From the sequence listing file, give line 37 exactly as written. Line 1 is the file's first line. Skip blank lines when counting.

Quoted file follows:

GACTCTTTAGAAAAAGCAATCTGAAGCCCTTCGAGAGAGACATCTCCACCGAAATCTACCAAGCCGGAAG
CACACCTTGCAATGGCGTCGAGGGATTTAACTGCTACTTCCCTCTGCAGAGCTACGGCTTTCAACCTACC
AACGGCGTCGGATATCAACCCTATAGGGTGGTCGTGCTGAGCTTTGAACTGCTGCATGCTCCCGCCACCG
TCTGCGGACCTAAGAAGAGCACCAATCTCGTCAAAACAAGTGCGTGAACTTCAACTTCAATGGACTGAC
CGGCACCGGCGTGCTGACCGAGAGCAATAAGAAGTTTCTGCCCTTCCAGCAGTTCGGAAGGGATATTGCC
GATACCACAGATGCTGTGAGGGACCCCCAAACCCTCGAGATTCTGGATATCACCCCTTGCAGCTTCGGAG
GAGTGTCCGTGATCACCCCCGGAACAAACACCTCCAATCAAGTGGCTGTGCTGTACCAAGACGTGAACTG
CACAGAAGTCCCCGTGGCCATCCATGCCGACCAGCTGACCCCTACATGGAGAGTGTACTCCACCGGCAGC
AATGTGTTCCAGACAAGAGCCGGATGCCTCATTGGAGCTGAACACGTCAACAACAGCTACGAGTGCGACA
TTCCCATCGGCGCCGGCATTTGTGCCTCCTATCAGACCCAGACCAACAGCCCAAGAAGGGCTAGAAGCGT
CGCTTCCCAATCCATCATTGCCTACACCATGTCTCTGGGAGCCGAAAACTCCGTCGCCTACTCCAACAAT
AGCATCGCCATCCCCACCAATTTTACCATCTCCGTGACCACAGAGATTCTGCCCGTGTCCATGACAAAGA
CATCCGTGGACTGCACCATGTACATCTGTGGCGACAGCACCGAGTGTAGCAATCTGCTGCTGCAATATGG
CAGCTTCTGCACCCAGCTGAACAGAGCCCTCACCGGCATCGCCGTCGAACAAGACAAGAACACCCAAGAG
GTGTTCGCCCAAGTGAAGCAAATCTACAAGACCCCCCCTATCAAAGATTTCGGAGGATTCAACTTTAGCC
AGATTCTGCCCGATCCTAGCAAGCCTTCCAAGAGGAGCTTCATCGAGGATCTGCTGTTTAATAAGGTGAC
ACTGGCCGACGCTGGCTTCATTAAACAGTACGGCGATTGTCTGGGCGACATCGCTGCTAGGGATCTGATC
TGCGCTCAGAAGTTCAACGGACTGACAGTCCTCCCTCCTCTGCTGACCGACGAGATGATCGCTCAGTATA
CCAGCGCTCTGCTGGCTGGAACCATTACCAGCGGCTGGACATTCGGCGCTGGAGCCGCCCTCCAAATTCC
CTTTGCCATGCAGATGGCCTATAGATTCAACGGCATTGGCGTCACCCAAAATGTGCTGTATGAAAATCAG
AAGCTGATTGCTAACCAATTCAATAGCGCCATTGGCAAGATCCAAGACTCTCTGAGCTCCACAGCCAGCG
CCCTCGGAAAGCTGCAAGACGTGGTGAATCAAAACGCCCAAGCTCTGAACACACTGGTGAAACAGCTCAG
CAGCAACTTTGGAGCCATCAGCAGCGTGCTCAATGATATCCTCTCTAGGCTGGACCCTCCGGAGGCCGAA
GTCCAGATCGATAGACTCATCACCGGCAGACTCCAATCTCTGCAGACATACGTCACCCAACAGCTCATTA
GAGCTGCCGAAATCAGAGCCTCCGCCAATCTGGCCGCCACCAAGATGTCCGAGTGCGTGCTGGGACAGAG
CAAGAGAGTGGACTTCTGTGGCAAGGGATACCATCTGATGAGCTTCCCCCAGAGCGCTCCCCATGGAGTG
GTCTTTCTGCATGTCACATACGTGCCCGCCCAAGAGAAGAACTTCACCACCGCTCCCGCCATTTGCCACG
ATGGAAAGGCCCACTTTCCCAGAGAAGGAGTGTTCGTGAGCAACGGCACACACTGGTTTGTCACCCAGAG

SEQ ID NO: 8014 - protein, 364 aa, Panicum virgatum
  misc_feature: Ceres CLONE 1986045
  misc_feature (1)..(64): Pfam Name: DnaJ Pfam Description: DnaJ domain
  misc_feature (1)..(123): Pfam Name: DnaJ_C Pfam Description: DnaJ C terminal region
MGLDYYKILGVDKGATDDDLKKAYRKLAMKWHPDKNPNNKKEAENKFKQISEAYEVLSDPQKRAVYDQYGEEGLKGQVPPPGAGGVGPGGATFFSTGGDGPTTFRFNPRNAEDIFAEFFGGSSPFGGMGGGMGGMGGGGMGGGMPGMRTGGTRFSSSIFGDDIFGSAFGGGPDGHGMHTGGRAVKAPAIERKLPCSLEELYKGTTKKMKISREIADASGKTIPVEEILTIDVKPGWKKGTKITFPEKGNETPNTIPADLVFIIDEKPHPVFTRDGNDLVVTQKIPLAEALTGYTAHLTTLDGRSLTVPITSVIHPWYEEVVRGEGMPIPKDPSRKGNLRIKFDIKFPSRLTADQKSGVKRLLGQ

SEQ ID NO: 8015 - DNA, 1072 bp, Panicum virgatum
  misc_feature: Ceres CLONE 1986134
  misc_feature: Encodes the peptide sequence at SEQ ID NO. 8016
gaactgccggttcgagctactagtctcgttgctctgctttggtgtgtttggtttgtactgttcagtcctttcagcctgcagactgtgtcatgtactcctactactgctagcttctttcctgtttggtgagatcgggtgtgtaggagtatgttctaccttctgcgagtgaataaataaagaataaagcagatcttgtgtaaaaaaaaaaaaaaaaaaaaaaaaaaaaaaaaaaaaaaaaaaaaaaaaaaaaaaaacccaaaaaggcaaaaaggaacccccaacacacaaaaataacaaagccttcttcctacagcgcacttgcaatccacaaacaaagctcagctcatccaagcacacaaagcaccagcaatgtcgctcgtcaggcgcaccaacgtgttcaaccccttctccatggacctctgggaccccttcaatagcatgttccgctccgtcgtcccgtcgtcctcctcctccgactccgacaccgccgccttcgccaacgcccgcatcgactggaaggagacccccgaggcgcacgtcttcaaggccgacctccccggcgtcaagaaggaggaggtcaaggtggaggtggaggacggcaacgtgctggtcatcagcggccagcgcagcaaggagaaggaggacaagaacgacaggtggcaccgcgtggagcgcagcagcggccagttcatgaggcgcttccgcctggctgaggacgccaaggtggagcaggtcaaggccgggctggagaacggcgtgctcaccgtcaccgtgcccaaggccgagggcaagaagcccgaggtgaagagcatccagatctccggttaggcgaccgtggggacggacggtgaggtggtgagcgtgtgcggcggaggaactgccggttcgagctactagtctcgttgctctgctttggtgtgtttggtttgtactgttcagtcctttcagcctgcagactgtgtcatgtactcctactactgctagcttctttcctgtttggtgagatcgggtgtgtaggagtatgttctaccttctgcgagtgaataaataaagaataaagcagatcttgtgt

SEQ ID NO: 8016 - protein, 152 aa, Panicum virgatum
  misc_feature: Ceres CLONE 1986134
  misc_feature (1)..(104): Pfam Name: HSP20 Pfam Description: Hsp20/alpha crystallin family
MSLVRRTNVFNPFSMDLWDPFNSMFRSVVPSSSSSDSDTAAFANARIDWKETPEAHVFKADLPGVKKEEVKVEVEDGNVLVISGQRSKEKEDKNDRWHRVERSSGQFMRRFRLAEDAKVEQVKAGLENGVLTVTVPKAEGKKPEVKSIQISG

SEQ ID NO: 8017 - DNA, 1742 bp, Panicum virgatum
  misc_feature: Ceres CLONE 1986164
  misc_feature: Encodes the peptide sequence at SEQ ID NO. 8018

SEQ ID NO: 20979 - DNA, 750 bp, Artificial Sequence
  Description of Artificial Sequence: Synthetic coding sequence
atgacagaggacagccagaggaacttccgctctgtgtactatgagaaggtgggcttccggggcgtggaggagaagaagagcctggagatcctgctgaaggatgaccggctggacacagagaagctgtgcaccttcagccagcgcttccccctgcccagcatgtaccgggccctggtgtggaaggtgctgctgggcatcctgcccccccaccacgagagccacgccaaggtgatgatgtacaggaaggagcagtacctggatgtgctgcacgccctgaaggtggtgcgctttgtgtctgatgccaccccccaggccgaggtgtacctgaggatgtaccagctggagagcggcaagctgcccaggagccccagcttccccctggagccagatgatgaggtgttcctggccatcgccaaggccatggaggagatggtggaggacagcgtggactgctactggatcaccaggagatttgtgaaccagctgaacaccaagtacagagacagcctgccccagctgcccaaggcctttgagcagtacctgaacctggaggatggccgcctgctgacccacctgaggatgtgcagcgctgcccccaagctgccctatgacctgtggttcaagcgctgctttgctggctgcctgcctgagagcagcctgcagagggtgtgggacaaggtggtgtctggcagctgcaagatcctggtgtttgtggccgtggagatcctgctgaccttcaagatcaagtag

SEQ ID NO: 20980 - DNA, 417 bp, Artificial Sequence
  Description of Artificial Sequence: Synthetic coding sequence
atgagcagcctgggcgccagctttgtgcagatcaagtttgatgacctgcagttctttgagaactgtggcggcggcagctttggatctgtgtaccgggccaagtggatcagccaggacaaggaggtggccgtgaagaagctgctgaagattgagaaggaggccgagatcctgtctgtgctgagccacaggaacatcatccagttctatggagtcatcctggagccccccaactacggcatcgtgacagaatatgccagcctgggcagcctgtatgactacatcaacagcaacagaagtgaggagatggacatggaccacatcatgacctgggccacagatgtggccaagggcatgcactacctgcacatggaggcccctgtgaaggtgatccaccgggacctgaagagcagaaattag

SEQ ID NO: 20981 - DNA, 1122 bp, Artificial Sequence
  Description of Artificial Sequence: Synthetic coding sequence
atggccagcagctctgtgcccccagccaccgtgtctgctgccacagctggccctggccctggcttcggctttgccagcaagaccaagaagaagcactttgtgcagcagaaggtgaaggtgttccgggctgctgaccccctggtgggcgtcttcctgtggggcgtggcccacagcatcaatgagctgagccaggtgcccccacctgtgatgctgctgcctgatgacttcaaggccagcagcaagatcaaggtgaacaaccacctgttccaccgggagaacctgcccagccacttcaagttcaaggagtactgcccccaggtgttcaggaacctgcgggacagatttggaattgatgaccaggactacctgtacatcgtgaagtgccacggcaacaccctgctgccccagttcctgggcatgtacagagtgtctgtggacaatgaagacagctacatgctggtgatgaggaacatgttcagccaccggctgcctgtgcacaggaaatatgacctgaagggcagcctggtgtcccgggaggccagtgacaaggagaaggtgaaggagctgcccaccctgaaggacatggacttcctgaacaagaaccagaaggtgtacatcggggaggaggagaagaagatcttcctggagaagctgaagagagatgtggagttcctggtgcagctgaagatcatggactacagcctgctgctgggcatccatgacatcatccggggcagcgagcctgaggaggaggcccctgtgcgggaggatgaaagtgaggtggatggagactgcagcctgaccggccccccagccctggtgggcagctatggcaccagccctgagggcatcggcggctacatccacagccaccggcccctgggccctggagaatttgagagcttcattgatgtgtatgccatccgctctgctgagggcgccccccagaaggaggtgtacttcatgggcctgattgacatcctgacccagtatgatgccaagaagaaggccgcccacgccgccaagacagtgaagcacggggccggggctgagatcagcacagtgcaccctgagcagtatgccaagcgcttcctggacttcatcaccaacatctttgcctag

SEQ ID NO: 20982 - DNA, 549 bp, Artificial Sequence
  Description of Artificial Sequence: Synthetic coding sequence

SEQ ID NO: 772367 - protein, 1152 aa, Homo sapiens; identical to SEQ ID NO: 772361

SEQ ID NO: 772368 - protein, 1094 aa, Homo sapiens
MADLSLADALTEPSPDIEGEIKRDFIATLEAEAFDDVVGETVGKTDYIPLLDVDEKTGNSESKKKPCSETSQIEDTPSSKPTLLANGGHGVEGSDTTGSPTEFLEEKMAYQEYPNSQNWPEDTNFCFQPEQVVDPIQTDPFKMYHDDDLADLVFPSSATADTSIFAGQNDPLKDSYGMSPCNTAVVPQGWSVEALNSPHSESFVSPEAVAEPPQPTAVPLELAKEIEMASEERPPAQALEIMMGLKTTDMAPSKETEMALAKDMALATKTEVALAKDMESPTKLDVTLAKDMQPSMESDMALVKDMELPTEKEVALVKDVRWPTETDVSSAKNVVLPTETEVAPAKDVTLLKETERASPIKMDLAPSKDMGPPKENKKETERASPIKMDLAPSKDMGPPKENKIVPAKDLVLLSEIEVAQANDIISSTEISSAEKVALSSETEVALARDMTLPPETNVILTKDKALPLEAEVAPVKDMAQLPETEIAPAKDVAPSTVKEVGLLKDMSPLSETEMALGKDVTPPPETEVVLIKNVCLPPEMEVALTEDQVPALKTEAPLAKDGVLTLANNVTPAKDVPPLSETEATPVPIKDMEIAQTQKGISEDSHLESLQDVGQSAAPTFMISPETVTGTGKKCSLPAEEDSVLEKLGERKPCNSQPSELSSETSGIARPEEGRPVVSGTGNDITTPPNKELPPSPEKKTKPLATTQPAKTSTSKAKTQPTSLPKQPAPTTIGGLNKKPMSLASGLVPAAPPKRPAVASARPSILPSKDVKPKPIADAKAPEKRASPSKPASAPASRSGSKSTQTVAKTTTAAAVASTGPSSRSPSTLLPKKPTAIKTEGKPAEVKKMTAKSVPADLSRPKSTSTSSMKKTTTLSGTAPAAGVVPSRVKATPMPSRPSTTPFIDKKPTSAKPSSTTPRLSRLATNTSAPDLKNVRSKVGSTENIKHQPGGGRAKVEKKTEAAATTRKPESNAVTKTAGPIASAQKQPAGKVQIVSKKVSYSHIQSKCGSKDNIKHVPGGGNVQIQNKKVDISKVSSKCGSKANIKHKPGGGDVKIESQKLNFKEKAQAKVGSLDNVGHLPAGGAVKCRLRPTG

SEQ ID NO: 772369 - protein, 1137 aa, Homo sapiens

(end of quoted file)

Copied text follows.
gaactgccggttcgagctactagtctcgttgctctgctttggtgtgtttggtttgtactgttcagtcctttcagcctgcagactgtgtcatgtactcctactactgctagcttctttcctgtttggtgagatcgggtgtgtaggagtatgttctaccttctgcgagtgaataaataaagaataaagcagatcttgtgtaaaaaaaaaaaaaaaaaaaaaaaaaaaaaaaaaaaaaaaaaaaaaaaaaaaaaaaacccaaaaaggcaaaaaggaacccccaacacacaaaaataacaaagccttcttcctacagcgcacttgcaatccacaaacaaagctcagctcatccaagcacacaaagcaccagcaatgtcgctcgtcaggcgcaccaacgtgttcaaccccttctccatggacctctgggaccccttcaatagcatgttccgctccgtcgtcccgtcgtcctcctcctccgactccgacaccgccgccttcgccaacgcccgcatcgactggaaggagacccccgaggcgcacgtcttcaaggccgacctccccggcgtcaagaaggaggaggtcaaggtggaggtggaggacggcaacgtgctggtcatcagcggccagcgcagcaaggagaaggaggacaagaacgacaggtggcaccgcgtggagcgcagcagcggccagttcatgaggcgcttccgcctggctgaggacgccaaggtggagcaggtcaaggccgggctggagaacggcgtgctcaccgtcaccgtgcccaaggccgagggcaagaagcccgaggtgaagagcatccagatctccggttaggcgaccgtggggacggacggtgaggtggtgagcgtgtgcggcggaggaactgccggttcgagctactagtctcgttgctctgctttggtgtgtttggtttgtactgttcagtcctttcagcctgcagactgtgtcatgtactcctactactgctagcttctttcctgtttggtgagatcgggtgtgtaggagtatgttctaccttctgcgagtgaataaataaagaataaagcagatcttgtgt